My Life With The GUTAI Part One: 具体美術協会とマイ·ライフ


Shinbun Onna” (Miyuki Nishizawa), myself, unidentified gallery visitor, Master Shozo Shimamoto

A visitor to my blog has asked me about life spent with my friend and mentor Shozo Shimamoto and the resultant influence from the GUTAI Art Association.

Japanese artist Shozo Shimamoto (1928-2013), along with Jiro Yoshihara, co-founded the Gutai Bijutsu Kyokai (“concrete arts association”), an arts group whose collective ideas/works preceded and informed the eventual creation of performance, conceptual, installation, and action arts. Though the group disbanded in the early 70s, member Yasuo Sumi is still active today, continuing to create work in the GUTAI spirit. Shimamoto also participated in the genre of Mail Art, and led an association for handicapped artists though he himself was not.

Much GUTAI art could be characterized by gestural and bodily abstraction in the leaving of various types of traces, including the use of nude female assistants covered in ink directed across the canvas (Japan: nyōtaku). Shimamoto created a number of important GUTAI works that would inspire such renowned international artists as Allen Kaprow, Yoko Ono, Jackson Pollock, Lucio Fontana, and many others. He was called one of the four most important artists of the 20th century (along with Lucio Fontana, John Cage, and Jackson Pollock) by the Museum of Contemporary Art in Los Angeles, Spain, and Tokyo, and his work is on permanent display at the Tate Modern (London), the National Museum of Modern Art (Rome), the Art Center of Milan, the Paris Gallery, the Ca’Pesaro International Gallery of Modern in Venice, and elsewhere. Important to any discussion of Shimamoto’s or Sumi’s work, of course, are the ideas contained in the GUTAI Manifesto.

This statement of the group’s ideology and intentions, published in the art journal Geijutsu Shincho (Dec. 1956), discusses amongst other things: (1) the ideology of minimal alteration to art materials through collaboration of materials and the artist’s spirit, and (2) the beauty of materials in natural decay. As much as the beauty of natural decay implies a Zen austerity or impermanence aesthetic such as wabi-sabi, the GUTAI engaged in works that did not utilize their extensive art training, but rather actions such as running through paper, “grappling” with mud, randomly dropping paint on canvases, and nyōtaku, which required neither discipline nor Zen aesthetic conceptualization.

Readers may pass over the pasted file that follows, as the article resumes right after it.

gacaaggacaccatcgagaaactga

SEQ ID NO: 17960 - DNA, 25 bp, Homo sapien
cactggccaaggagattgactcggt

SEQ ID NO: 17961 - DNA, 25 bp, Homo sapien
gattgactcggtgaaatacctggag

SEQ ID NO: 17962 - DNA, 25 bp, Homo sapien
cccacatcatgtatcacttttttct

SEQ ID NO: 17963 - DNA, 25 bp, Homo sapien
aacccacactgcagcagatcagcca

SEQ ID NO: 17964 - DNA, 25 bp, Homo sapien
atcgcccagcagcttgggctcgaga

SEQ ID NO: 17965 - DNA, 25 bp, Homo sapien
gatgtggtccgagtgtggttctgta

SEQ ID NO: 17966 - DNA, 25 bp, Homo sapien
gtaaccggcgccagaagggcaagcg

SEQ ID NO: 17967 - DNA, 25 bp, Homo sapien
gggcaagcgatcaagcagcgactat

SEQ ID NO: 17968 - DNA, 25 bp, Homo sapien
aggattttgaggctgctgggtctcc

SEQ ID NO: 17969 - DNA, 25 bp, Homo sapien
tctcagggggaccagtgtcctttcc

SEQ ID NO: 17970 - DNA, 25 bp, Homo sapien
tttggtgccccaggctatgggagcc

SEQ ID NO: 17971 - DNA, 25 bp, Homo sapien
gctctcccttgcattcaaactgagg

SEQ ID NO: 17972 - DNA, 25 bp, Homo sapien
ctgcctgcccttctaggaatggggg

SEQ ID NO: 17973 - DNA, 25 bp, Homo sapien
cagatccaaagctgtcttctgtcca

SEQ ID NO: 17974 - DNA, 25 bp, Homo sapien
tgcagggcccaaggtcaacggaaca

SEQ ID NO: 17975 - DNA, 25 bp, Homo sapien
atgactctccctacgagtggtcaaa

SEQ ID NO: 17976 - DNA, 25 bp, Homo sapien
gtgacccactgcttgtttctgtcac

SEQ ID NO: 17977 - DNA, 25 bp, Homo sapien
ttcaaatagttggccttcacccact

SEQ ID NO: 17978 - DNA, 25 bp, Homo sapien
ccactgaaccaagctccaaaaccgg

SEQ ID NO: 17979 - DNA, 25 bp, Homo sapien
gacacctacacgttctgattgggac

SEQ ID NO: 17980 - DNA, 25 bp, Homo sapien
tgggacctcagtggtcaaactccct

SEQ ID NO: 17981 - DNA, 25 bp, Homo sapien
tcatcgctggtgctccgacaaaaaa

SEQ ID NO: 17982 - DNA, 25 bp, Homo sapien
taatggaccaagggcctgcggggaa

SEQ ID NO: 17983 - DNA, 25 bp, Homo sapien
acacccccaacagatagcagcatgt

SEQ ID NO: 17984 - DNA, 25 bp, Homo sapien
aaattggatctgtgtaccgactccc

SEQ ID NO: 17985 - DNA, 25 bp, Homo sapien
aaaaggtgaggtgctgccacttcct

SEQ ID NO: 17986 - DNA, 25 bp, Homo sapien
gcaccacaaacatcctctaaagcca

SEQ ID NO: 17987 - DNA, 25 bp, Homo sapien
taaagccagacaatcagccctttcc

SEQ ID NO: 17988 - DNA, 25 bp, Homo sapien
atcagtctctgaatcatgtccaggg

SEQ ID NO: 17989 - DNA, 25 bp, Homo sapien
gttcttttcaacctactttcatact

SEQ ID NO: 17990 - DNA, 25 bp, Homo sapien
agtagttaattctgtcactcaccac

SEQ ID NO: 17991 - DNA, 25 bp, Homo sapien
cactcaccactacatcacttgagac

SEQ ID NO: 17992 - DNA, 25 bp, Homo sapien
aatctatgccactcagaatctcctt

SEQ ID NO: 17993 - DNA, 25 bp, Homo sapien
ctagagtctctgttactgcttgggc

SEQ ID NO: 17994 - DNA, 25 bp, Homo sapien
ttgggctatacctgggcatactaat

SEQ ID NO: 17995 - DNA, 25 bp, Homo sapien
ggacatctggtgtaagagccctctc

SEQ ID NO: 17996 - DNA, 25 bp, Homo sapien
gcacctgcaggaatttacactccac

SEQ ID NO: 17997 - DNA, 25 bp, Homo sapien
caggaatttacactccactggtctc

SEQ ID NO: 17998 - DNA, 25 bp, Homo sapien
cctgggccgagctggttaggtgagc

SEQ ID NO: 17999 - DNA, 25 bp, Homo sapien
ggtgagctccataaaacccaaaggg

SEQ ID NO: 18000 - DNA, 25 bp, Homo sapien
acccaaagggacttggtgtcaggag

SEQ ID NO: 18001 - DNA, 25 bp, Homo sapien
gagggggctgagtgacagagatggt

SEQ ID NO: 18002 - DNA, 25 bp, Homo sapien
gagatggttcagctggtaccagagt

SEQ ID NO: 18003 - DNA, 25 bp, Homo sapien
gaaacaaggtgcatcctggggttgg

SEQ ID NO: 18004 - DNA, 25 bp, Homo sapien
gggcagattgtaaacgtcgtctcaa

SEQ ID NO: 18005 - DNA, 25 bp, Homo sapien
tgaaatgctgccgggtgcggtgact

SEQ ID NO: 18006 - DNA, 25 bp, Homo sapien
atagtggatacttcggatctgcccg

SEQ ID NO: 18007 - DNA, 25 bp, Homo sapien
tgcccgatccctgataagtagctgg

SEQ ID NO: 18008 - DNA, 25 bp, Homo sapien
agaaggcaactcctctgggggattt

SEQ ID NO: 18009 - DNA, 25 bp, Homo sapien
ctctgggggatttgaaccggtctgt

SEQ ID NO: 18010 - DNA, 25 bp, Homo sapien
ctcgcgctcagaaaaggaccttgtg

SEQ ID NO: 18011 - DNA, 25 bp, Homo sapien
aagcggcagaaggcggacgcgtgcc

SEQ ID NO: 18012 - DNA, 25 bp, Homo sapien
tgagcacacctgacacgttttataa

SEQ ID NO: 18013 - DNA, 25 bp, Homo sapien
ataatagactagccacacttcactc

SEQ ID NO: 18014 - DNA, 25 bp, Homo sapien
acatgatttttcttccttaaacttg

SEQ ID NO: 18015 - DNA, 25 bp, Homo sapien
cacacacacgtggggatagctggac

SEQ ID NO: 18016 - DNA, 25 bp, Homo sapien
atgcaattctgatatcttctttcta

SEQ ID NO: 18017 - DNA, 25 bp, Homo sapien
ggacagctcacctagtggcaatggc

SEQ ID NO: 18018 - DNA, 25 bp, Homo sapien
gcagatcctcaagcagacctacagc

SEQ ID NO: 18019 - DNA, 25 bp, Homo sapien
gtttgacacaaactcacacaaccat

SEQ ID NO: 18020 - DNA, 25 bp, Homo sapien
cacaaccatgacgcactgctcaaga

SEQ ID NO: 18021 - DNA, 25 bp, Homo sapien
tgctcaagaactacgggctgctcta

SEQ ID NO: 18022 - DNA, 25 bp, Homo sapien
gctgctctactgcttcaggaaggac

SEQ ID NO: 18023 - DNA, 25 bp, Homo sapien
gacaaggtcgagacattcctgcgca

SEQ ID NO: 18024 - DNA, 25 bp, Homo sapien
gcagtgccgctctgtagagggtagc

Over the three year period that I was actively engaged in various art projects instigated by Mr. Shimamoto, I provided musical accompaniment to films being shown on the back of his head, modeled several discs of felt cleverly linked into a multi- purpose outer garment, wandered the length and breadth of his gallery in Takarazuka (Hyogo Prefecture) sporting a vision obscuring helmet made out of plastic cups, and other such activities. As much as Mr. Shimamoto was Japanese and well versed in Zen ideas and ideology, his personality and works spoke more of a highly intellectual yet rather lighthearted, secular approach to art, with none of the stereotypical “Zen Japaneseness” one might assume or expect from an artist of his pedigree and nationality.

Another interesting fact pertaining to the GUTAI was the presence of Atsuko Tanaka, a prominent female member of the group hardly mentioned in art history. The GUTAI had no less than 13 women artists out of its fifty-nine members, including Tanaka, who herself prefigured participation and/or sound installation art with her work Bell in 1955. Yet the female members of the group remain to this day under-researched and virtually unknown internationally.

In Part Two I will discuss our friendship and provide (now rare) pictures from my private archive.

© 2013 Daniel


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